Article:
The Five-Factor Model of Personality as a Framework for Personality-Health Research

Published In: Journal of Personality and Social Psychology, v. 67, no. 2, Aug. 1994, p. 278-286

Posted on RAND.org on January 01, 1994

by Grant N. Marshall, Camille B. Wortman, Ross R. Vickers, Jeffrey W. Kusulas, Linda K. Hervig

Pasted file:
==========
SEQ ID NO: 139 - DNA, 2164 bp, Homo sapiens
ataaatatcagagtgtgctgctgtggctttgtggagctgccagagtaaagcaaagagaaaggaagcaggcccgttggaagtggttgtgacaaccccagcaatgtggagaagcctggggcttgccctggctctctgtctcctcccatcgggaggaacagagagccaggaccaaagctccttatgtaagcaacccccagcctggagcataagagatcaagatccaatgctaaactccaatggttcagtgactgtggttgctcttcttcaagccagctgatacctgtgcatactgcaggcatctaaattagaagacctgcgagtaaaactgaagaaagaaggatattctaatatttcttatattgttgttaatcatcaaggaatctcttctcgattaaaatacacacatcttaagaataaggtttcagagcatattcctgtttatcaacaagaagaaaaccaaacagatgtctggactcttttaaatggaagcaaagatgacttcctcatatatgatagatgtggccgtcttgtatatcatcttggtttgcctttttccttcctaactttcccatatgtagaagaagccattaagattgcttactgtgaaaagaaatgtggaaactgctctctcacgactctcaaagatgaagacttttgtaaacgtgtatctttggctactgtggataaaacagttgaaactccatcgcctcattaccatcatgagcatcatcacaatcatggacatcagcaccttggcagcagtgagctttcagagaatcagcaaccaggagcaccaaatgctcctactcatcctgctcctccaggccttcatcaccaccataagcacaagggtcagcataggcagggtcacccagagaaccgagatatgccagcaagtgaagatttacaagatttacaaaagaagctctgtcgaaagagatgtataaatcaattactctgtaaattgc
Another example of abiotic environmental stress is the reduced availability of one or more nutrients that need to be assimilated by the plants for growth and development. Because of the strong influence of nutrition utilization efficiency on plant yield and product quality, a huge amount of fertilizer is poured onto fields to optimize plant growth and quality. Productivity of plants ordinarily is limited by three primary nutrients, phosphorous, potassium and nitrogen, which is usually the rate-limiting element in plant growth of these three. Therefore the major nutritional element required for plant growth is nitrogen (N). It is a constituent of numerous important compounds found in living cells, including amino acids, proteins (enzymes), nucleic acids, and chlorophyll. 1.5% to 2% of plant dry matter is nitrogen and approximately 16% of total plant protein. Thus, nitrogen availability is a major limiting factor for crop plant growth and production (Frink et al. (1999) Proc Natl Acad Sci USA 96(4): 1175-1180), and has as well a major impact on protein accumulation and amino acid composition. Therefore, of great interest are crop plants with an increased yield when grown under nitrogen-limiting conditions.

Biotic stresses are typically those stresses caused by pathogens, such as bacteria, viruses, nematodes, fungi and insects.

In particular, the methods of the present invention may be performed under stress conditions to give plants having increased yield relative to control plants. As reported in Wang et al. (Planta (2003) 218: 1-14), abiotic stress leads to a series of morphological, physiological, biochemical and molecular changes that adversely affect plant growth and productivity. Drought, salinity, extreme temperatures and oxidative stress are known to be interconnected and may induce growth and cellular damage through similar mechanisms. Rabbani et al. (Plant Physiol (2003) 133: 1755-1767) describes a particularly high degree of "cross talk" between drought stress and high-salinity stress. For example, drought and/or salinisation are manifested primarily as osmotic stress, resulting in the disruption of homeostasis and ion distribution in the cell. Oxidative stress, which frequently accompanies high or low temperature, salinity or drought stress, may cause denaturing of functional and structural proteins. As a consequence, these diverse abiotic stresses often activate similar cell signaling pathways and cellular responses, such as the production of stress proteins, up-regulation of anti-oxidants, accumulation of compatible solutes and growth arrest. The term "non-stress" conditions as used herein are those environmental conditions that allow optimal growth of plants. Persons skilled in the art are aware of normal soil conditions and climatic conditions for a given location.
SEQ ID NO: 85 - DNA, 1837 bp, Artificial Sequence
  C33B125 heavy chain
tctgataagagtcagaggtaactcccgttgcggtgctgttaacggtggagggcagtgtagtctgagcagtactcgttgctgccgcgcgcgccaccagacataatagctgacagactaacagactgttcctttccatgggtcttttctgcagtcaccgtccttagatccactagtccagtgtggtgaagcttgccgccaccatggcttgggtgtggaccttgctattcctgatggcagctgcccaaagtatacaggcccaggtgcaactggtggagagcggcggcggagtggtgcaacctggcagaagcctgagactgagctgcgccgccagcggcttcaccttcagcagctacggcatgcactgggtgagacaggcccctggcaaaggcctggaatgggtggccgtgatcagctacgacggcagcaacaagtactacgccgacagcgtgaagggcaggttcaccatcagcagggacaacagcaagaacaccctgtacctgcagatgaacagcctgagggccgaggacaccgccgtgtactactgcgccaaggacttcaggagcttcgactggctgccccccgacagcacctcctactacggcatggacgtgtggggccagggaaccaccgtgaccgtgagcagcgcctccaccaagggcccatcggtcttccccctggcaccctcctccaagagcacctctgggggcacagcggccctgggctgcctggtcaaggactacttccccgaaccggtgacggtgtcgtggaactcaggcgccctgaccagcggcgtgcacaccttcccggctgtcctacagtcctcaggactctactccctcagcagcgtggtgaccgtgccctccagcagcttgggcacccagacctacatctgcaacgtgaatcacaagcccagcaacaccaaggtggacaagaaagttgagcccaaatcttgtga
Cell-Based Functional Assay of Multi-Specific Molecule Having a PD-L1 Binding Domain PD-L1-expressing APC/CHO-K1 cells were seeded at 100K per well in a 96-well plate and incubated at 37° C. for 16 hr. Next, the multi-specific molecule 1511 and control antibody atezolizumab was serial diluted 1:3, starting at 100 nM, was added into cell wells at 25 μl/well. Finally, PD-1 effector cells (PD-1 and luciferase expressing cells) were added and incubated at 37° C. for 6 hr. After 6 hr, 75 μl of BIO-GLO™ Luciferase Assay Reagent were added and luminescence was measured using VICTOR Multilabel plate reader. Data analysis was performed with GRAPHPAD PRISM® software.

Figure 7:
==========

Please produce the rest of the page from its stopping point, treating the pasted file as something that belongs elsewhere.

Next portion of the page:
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Examines the Neo-Five Factor Personality Inventory and representative personality scales as administered to two samples of male military recruits (N = 798). Factor analysis revealed three conceptually meaningful domains: optimistic control (including indices of hope, optimism, self-esteem, internal control, and the absence of anxiety), anger expression (anger and control), and inhibition (anger inhibition and introspectiveness). Examination of these domains (and their constituent scales) led to three general findings: (1) few health-psychology dimensions or instruments correspond to only one broad domain of personality; (2) most personality measures drawn from health psychology could be predicted using a scheme that includes personality domains of neuroticism, extroversion, openness, conscientiousness, and agreeableness; and (3) health-personality research has focused disproportionally on the domains of neuroticism and extroversion and, to a lesser extent, agreeableness, as opposed to openness and conscientiousness. These findings have implications for understanding the psychology of health behavior.

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